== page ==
An Evaluation of the Length-Tension Relationship in Elderly Human Ankle Dorsiflexors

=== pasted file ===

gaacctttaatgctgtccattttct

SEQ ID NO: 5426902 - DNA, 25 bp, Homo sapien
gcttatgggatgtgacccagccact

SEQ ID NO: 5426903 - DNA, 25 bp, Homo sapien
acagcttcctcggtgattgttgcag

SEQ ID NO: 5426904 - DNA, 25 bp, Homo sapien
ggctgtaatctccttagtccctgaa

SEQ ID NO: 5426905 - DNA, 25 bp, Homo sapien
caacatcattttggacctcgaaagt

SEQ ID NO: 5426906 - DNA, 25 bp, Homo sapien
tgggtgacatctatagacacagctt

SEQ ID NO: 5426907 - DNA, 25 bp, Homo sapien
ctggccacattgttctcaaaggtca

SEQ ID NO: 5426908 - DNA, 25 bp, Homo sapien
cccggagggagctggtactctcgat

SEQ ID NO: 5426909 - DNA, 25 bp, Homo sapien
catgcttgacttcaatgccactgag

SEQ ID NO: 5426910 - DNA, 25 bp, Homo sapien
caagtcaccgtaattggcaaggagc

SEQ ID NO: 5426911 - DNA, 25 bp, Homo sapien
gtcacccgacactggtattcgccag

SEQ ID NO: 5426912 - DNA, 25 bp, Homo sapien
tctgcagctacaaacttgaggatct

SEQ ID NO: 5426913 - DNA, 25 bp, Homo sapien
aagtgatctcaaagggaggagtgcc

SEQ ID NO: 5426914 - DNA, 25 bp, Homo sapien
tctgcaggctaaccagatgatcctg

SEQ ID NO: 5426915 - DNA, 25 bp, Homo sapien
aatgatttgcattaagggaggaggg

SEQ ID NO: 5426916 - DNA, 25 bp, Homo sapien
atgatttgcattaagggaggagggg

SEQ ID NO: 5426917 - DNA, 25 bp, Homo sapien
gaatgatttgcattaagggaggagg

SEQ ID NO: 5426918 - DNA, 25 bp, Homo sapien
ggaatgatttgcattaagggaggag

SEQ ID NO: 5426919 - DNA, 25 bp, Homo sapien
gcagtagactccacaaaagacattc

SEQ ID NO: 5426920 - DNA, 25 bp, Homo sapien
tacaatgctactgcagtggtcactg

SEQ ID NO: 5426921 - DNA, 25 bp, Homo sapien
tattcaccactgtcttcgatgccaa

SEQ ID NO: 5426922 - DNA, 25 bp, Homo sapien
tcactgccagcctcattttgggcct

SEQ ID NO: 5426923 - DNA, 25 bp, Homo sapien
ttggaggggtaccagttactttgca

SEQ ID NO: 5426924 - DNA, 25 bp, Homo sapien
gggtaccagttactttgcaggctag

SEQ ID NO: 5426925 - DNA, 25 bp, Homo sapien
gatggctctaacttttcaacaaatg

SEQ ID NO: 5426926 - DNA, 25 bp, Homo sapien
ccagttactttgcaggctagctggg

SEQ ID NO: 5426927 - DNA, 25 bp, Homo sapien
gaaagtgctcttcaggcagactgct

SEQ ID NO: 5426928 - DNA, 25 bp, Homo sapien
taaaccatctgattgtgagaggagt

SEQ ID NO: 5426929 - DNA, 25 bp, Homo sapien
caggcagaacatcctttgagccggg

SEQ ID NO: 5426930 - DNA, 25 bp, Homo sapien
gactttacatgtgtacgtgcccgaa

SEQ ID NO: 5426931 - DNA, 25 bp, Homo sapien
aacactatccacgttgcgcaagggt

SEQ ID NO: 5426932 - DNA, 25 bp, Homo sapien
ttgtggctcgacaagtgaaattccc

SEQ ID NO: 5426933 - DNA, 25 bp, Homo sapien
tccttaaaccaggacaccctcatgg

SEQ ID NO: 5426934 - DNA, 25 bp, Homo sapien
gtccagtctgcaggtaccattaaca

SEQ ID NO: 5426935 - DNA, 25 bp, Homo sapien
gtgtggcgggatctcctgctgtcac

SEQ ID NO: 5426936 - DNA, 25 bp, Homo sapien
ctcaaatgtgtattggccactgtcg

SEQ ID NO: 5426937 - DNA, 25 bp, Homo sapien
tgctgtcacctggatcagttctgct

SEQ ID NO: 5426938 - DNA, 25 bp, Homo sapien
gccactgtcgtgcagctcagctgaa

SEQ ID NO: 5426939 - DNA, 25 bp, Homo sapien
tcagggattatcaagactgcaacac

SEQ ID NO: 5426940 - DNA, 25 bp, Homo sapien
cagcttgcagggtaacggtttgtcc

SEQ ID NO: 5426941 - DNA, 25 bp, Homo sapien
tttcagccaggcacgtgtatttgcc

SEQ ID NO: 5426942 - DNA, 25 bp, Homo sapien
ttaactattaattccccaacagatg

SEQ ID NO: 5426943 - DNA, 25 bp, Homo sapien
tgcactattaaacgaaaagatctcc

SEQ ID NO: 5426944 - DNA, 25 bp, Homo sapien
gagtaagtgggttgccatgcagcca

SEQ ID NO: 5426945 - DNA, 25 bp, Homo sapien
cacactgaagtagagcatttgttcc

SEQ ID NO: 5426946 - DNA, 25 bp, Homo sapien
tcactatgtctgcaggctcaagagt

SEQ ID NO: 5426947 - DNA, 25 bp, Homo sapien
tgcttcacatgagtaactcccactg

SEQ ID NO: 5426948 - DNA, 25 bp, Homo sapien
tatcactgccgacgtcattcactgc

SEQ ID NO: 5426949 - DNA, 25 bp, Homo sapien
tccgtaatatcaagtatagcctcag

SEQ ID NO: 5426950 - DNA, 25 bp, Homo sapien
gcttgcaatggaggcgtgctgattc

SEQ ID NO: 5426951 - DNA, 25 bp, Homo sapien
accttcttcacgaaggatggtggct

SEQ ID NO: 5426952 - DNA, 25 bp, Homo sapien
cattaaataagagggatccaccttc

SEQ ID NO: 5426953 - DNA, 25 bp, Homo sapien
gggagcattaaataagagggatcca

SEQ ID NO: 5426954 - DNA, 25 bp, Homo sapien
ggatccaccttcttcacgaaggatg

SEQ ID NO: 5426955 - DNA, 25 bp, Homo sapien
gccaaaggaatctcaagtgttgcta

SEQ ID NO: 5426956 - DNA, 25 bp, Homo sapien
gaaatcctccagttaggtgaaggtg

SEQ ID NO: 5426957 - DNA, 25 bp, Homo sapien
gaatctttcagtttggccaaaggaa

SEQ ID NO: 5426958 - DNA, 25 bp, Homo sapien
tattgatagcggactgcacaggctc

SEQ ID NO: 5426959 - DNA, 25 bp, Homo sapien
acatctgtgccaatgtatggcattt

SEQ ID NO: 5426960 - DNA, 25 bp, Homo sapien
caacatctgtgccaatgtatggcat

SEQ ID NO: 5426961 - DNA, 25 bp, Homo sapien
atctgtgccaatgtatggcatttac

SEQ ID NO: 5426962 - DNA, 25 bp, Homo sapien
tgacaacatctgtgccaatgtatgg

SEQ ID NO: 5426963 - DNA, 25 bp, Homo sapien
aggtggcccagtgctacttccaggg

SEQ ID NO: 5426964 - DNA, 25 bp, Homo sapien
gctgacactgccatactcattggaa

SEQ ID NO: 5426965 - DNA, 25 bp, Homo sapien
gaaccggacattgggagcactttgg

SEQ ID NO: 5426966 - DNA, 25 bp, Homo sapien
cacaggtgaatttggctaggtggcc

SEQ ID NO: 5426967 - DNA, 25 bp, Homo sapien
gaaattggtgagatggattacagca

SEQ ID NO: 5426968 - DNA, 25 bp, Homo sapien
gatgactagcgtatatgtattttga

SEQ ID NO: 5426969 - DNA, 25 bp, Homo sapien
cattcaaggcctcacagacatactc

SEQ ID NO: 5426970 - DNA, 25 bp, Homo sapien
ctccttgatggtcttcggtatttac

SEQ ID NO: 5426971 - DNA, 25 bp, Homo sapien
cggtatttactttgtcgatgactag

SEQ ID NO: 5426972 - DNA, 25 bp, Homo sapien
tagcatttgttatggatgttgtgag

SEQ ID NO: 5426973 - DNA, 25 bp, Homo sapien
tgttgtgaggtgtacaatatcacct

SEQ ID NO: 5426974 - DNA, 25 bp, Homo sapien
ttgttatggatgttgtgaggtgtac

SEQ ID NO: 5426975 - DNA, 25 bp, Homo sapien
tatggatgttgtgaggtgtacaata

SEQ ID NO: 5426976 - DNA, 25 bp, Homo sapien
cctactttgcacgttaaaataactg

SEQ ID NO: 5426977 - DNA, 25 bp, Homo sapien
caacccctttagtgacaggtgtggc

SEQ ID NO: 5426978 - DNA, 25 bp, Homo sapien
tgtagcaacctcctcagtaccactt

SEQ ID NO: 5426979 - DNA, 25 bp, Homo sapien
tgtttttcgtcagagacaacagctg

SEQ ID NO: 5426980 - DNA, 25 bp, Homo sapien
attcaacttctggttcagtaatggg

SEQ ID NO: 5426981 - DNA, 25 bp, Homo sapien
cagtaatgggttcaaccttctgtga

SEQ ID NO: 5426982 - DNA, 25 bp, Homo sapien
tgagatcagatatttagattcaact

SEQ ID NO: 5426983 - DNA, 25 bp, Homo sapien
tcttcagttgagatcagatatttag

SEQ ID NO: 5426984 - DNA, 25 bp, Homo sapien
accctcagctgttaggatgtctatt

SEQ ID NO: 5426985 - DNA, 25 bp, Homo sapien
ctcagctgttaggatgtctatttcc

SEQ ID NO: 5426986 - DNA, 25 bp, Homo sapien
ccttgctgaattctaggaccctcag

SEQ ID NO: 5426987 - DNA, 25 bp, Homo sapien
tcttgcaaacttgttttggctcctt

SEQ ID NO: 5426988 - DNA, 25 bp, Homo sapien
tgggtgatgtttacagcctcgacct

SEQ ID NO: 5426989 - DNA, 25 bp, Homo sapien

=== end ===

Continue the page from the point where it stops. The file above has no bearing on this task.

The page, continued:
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Aging is thought to be associated with a decreased elasticity of skeletal muscle, which may be predicted to affect the optimal length at which peak tension is developed. This was assessed in the present study, in which we examined the effect of aging on the muscle length-tension relationship in the right ankle dorsiflexors of 60 subjects aged 20-40 years (M = 25.3; 15 males, 15 females) and 60-80 years (M = 68.8; 15 males, 15 females). Evoked contractile properties, 1-sec tetanic contractions (at 20, 50, and 80 Hz), and maximal voluntary contractions (MVC) were measured at 10 joint angles (15 degrees dorsiflexion to 30 degrees plantarflexion, in 5 degrees increments). Peak twitch torque occurred at the extreme of plantarflexion (30 degrees P) in both elderly and young adults, and although males had significantly greater twitch torques than females, there was no difference between the elderly and young adults. Maximum tetanic torque and MVC torque occurred at 30 degrees P and 20 degrees P, respectively, but in this case the young adults were significantly stronger than the elderly adults, and the males stronger than the females at all joint angles. There was no difference in the torque-angle relationship between elderly and young adults in any of the evoked or voluntary measures. At each of the three frequencies, the rise time of tetanic torque was also similar between elderly and young adults. These results suggest that any age-related change in the elastic properties of the ankle dorsiflexors does not affect the length (as inferred by joint angle)-tension relationship in this muscle group.
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